Much déjà vu about nothing.



Rose (The Book of Lost Fragrances, 2012, etc.) fails to breathe new life into her latest offering, which includes themes and characters introduced in previous stories and rehashes discussions about reincarnation, Jungian psychology and olfactory sensations.

Mythologist Jac L’Etoile, a woman with a troubled past, is contacted by former fellow mental patient Theo Gaspard, who also has a troubled past. Theo’s family home is on the Isle of Jersey, and Theo invites Jac to the island to view some mysterious discoveries he’s made. Against her therapist’s wishes, Jac journeys to the island, where she meets Theo’s elderly aunts, both with—what else?—troubled pasts, and Ash, Theo’s estranged and, yes, troubled brother. In the 1850s, the Isle of Jersey becomes Victor Hugo’s residence-in-exile and Hugo, troubled by his daughter Didine’s death, becomes obsessed with trying to communicate with her through séances. He also smokes hashish, which could explain his claim that he communicates with many of history’s greatest souls, including Jesus and Shakespeare. One evening, Hugo meets Fantine, a mysterious, troubled young woman from a family of perfumers who recently lost a child, and he becomes obsessed with her. Switch to 56 B.C., when a tribe of Druids also occupies the Isles—right on the property belonging to Theo. Owain, the high priest, his wife and child live a pretty normal Druid life until he and the other priests have troubling visions that they believe Owain must fulfill in order to save the tribe. Meanwhile, in 1855, Hugo’s having his own problems: He’s wrangling with the Shadow of the Sepulcher, aka Lucifer, who’s made him a pretty sweet offer. And then there’s Jac in present-day life: She’s suffering dizzy spells, being bombarded by different smells, experiencing overwhelming feelings of dread and calling out weird names. One of the aunts ties a ribbon around her wrist to keep Jac from slipping away to heaven-knows-where, and it seems to do the trick. As the author switches back and forth between the very distant past, the sort-of-distant past and the present, she finally connects all the troubled characters (long after the reader’s managed to do so) and brings the book to a close—but not before Jac, her hosts and therapists have protracted discussions about reincarnation and the collective unconscious.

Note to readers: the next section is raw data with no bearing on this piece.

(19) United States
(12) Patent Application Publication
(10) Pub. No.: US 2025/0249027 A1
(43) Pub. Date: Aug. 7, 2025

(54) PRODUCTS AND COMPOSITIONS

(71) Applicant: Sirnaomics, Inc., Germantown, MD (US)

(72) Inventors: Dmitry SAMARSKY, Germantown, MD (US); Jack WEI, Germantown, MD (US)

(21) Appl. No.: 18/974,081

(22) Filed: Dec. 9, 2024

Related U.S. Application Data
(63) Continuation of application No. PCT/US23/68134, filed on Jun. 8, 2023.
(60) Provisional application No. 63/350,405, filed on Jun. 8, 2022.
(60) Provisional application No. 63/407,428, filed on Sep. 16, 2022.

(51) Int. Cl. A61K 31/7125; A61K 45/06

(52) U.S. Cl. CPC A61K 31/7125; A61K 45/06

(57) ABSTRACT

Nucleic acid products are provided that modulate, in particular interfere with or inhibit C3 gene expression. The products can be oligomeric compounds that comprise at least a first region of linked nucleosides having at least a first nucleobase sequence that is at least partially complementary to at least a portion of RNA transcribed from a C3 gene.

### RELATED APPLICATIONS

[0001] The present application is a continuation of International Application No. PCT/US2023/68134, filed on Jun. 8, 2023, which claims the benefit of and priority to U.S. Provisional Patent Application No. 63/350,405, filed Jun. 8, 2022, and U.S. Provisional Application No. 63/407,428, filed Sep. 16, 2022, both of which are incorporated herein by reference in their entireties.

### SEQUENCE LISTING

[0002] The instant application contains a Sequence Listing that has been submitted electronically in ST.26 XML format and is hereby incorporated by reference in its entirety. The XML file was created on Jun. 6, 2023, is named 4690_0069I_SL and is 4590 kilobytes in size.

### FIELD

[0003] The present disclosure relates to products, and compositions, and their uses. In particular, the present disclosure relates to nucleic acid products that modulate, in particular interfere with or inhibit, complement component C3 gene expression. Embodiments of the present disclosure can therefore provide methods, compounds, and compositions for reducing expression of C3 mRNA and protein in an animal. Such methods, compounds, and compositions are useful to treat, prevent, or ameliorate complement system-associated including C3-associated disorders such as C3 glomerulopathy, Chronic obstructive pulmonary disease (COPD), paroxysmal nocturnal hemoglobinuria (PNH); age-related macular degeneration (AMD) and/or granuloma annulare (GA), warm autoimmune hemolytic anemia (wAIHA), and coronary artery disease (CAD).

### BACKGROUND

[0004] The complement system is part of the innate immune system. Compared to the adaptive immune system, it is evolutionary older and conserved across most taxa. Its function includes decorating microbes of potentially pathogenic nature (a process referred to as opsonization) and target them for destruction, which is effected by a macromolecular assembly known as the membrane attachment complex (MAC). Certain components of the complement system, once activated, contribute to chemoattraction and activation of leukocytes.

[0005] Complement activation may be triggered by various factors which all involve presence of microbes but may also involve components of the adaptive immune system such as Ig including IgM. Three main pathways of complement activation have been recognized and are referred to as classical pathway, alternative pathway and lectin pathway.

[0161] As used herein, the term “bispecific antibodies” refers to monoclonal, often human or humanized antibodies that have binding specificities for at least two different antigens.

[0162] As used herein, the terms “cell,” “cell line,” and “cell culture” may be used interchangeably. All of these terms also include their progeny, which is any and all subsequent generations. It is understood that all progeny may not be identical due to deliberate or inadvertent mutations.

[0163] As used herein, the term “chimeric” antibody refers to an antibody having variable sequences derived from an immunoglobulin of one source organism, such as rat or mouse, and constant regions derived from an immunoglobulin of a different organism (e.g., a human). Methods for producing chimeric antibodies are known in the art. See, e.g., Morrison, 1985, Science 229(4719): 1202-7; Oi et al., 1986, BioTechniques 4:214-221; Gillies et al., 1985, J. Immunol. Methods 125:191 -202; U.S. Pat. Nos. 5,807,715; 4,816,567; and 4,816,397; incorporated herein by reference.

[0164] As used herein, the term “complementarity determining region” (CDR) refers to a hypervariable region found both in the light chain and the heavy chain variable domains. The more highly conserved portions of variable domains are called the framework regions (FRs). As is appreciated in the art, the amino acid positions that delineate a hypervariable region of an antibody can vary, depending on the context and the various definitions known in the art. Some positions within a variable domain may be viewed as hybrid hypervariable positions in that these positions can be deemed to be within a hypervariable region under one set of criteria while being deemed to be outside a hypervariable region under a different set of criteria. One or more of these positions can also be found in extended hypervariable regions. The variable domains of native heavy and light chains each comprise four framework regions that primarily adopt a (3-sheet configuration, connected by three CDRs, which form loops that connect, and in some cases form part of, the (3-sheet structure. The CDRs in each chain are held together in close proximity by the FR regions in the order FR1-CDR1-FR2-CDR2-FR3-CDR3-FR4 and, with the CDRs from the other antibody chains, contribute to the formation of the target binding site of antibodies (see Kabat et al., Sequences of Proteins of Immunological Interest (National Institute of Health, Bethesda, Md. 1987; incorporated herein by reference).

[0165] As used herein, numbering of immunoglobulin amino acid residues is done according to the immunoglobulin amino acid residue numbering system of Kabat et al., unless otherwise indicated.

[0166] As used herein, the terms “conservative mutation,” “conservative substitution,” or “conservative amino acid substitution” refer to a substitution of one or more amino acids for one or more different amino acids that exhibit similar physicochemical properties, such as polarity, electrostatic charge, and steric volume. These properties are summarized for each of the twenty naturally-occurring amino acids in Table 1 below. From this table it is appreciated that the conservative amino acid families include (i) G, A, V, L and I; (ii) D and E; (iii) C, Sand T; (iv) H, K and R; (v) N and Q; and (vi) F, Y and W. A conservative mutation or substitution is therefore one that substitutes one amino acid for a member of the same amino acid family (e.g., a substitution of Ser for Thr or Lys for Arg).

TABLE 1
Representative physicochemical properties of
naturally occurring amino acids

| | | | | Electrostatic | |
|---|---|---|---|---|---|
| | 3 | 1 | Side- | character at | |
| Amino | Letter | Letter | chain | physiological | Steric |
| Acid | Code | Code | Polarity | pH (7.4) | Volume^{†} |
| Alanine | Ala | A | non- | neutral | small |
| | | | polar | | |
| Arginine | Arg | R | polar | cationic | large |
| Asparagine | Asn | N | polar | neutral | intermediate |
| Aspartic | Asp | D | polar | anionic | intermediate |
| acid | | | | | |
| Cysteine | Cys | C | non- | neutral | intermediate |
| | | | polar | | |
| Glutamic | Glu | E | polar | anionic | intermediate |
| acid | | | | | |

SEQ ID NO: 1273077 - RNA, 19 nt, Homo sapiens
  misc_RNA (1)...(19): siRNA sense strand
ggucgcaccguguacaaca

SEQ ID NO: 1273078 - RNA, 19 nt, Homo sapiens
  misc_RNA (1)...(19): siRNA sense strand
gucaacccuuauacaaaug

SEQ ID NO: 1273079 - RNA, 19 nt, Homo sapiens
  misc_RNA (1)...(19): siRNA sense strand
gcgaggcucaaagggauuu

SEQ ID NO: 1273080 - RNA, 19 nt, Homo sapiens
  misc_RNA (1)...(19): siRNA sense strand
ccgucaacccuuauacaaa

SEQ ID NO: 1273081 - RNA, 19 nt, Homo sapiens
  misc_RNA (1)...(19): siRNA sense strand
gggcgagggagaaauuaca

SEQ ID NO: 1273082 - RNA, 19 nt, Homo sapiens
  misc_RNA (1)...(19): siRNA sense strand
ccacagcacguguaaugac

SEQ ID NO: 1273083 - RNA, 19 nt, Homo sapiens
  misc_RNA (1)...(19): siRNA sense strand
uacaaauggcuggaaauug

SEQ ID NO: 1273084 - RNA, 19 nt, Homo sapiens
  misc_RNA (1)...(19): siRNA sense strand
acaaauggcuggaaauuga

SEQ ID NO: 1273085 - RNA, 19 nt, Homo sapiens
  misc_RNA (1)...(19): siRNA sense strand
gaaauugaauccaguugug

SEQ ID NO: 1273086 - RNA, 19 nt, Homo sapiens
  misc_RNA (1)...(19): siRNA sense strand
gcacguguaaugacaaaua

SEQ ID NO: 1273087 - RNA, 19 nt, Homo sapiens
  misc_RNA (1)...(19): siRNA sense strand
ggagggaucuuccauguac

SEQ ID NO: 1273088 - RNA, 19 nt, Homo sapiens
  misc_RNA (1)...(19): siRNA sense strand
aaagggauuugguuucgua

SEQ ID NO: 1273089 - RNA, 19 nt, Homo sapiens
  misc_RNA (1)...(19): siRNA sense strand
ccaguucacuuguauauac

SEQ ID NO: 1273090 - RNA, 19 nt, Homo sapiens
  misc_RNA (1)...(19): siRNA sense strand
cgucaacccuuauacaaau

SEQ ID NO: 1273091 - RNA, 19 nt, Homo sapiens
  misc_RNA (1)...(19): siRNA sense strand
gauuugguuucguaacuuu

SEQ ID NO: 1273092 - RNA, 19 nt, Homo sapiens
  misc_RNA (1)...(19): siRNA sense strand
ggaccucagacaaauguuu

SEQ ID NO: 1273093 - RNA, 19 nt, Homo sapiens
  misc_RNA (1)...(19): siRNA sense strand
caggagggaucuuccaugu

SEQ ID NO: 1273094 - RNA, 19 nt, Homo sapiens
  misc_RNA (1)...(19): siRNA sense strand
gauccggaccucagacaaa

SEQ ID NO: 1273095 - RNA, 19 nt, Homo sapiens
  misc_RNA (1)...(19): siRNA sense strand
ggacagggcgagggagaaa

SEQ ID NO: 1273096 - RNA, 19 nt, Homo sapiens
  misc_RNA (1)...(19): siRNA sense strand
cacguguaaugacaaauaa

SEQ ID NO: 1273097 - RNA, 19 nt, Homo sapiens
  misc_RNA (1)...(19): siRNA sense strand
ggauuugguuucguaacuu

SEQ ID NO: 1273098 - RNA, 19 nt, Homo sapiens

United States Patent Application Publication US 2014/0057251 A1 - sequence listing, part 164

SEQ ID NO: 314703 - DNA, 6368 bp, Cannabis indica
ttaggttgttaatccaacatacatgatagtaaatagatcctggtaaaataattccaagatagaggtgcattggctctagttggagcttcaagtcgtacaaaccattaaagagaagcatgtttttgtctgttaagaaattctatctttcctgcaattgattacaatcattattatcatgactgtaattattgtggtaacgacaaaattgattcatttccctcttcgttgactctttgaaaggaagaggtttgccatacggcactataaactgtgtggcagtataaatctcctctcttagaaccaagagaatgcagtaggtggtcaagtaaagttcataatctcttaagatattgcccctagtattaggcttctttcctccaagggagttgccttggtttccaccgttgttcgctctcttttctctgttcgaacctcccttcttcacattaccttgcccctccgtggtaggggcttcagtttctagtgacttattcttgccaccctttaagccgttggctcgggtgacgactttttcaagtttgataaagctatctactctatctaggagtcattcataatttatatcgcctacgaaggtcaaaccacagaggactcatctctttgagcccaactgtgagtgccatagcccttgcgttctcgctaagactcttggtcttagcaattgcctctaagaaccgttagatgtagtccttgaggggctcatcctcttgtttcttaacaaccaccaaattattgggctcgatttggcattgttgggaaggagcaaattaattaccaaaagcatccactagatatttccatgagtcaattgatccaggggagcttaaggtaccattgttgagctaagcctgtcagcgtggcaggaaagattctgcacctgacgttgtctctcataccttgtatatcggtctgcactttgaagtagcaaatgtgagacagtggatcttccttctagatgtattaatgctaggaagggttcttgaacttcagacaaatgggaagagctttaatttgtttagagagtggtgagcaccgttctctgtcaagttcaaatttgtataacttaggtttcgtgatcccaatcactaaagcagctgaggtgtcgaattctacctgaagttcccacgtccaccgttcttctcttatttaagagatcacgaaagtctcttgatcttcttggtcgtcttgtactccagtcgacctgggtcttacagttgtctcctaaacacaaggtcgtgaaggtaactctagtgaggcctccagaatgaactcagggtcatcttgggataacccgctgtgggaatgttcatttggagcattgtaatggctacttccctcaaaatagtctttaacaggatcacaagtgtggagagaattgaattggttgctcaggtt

Much déjà vu about nothing.

Pub Date: May 7, 2013

ISBN: 978-1-4516-2150-1

Page Count: 384

Publisher: Atria

Review Posted Online: March 17, 2013

Kirkus Reviews Issue: April 1, 2013

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A tasty, if not always tasteful, tale of supernatural mayhem that fans of King and Crichton alike will enjoy.


Are we not men? We are—well, ask Bigfoot, as Brooks does in this delightful yarn, following on his bestseller World War Z (2006).